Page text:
A Closer Look At The Problem Of Remakes in Hollywood…

Note: Sorry it took that long, but this article turned out a bigger beast to tame than I originally expected… and it is quite a long read.


That Hollywood has been having a violent case of noncreativitis – we’ve known for a while now and many movies (including last week’s “Oblivion”) can testify to that without a doubt. However, within the last decade or so, a trend of remaking, rebooting, sequelizing, prequelizing, re-releasing and rehashing old films has grown to sizable proportions and – in my opinion (and many others’ as well) – can now be considered a major problem. I have already written a little bit on the subject trying to understand and emphasize the magnitude of the problem, though the topic is far from properly investigated.

Only last week I have been alerted to the fact that Hollywood big shots are not done getting richer and are as keen as ever before to remake classic movies like “Point Break”, “Escape From New York”, “National Lampoon’s Vacation” and “Weird Science” in order to do so. If you add to that the “Evil Dead” ravaging the theaters now, a remake of “Carrie” planned for later this year, a new “Godzilla” remake being shot as we speak, or “Oldboy”, “Robocop”, “The Crow” and “Wargames” being seriously discussed – I think you can notice the problem too.

With the slew of remakes literally flooding the cinemas and consequently the pop-culture in general, it became of interest to me, whether one might find any degree of predictability in the way the movies are brought back from the brink of oblivion (I can’t really call it history, because the younger generations tend not to care about anything that happened more than 10 minutes ago, nor they intend to look back in time and acquaint themselves with something older than them). Some say that pop-culture life cycle lasts 20 years, which would apparently be the perfect age for a movie to be rehashed. My keen scientific nature could not let me go on with my life unless I had a closer look at this phenomenon.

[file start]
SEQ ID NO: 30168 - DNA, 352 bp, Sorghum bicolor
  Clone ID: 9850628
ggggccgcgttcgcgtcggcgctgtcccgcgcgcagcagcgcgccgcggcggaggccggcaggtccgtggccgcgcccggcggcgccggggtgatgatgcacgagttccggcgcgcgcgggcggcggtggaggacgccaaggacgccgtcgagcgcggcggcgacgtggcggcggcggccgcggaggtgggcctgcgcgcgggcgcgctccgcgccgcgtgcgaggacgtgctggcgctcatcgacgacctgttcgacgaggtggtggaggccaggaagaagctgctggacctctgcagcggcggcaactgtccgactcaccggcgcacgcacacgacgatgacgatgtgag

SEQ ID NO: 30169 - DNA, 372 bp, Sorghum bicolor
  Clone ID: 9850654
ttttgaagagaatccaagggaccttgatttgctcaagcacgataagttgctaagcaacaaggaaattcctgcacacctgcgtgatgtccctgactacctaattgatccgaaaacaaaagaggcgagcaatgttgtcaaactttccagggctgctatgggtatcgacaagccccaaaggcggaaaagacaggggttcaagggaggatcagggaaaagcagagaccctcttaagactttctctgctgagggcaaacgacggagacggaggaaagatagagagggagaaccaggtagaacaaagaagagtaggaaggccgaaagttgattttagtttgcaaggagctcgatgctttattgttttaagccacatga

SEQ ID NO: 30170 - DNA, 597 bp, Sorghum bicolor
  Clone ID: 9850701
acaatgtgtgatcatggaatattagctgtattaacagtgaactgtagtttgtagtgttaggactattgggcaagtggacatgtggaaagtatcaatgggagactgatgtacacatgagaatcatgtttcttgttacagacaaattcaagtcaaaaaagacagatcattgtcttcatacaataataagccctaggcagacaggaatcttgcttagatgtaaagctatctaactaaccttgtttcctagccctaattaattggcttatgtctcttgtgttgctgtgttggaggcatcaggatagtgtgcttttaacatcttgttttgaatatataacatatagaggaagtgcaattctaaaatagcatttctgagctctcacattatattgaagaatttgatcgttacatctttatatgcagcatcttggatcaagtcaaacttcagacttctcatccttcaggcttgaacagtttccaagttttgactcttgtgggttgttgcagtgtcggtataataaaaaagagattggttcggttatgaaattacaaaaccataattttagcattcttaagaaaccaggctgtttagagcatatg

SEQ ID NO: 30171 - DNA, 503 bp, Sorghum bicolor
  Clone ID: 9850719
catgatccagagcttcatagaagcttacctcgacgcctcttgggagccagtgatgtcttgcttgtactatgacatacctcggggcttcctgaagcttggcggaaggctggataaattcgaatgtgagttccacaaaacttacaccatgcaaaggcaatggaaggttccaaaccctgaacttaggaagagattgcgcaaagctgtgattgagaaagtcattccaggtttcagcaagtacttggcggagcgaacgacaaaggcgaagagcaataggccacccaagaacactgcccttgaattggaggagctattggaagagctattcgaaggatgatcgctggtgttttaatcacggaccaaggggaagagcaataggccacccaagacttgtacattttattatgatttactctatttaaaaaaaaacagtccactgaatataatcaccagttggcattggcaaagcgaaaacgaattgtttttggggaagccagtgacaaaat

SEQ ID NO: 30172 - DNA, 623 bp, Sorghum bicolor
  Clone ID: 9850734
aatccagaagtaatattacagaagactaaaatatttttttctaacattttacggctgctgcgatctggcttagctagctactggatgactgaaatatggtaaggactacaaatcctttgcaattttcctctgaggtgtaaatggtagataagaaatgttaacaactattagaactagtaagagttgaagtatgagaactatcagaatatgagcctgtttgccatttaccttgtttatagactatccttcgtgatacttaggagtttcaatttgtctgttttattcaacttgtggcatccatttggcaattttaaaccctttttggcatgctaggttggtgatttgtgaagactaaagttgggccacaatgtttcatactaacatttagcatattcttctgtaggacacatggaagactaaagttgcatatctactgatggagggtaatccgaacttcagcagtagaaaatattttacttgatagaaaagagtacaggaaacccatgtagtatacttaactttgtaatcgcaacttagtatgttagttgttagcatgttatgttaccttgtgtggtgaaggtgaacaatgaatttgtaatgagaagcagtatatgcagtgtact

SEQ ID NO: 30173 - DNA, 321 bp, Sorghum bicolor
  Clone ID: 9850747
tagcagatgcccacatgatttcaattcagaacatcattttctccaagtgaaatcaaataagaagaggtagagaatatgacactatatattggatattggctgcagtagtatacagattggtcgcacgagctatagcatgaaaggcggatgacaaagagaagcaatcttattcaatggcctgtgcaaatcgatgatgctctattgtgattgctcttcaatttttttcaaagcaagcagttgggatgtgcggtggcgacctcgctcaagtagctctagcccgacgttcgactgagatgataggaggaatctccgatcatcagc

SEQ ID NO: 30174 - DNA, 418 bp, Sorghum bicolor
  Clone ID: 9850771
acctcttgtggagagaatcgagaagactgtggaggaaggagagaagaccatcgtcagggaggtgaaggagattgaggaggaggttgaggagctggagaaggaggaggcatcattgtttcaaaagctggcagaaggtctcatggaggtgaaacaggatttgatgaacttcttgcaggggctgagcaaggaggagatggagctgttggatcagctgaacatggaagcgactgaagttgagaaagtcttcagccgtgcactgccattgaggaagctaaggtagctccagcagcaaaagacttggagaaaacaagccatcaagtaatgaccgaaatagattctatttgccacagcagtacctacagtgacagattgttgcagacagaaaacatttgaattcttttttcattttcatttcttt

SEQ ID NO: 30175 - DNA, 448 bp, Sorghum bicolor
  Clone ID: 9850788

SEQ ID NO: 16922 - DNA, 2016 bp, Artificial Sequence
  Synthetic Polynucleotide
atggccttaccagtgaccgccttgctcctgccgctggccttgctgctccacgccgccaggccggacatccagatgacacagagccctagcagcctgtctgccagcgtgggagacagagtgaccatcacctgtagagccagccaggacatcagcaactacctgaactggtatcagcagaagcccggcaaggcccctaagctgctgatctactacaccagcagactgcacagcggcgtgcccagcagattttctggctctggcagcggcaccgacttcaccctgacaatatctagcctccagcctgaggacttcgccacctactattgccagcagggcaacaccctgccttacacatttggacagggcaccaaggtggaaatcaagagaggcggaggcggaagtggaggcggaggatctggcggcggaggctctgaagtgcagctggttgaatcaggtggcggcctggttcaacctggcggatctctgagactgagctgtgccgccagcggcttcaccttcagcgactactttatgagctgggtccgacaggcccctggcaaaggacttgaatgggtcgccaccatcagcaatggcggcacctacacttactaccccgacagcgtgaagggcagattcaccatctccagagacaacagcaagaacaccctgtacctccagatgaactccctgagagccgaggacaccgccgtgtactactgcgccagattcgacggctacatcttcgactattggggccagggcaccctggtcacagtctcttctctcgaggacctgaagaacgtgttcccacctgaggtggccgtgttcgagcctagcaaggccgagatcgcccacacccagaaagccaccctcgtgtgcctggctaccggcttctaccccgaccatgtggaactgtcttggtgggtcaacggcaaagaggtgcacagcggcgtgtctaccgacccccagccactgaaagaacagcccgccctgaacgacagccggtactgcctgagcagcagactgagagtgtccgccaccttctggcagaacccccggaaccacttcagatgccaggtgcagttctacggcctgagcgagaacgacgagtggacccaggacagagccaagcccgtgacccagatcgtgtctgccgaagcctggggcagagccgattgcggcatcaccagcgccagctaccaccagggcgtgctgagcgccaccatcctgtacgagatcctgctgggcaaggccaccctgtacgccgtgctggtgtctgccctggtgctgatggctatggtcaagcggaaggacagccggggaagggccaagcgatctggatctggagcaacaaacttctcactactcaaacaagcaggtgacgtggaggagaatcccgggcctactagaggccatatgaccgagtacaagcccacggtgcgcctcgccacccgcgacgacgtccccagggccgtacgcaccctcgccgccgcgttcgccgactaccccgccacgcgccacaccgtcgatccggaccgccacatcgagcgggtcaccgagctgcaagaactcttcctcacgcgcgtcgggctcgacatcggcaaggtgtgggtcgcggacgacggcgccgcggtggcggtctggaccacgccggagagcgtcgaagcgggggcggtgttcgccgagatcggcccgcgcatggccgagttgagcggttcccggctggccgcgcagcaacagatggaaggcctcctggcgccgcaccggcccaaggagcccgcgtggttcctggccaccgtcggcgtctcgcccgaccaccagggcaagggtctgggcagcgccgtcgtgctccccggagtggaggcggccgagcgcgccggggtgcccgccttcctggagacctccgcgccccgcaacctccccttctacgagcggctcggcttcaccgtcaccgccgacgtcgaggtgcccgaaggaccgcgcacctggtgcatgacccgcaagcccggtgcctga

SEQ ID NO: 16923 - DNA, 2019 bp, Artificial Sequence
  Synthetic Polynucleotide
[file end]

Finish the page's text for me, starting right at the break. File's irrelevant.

Without much more hesitation I proceeded to do so and – through the use of the omniscient and all powerful internet (mostly Wikipedia), I managed to find and compile some data on 468 movies (both American and foreign) that had been remade at least once. Adding the movies remade multiple times I arrived at a whopping 548 entries to work with (379 American and 168 non-American). Now, before I get into the nitty gritty, I’d like to say that it is more than likely I omitted a lot. Nevertheless, for my analysis to be completely wrong I would have to have been extremely unlucky, so what I found should still stand and help to depict the patterns (if any) of repeatability in cinema. Fortunately enough, I managed to isolate certain trends and I can hopefully arrive at some coherent conclusions at the end of this rant, so I hope I was not too far off with my way of thinking. In case of raging errors on my part – please give me a shout!

The range of films that served as templates for remakes at a later date span the entire 20th century (creeping into the 21st obviously, but I shall address that further on). It appears that the earliest film to be remade – that I could find – was “Hoodman Blind” from 1913, remade in 1923. The earliest remake on the other hand was “The Squaw Man” (remade in 1918 and 1931, based on a 1914 original). However, “The Squaw Man” was a film that I considered ‘a selfie’ – a film remade by the same director. I would like to assume that ‘selfies’ most often entailed foreign movies remade by original directors in English and low-budget pieces redone with better money, also by the same director. In total, ‘selfies’ amounted to 43 (nearly 10% of all the films included in my study). The first ‘non-selfie’ remake on record was “Marked Men”, remade in 1919, based “The Three Godfathers” from 1916.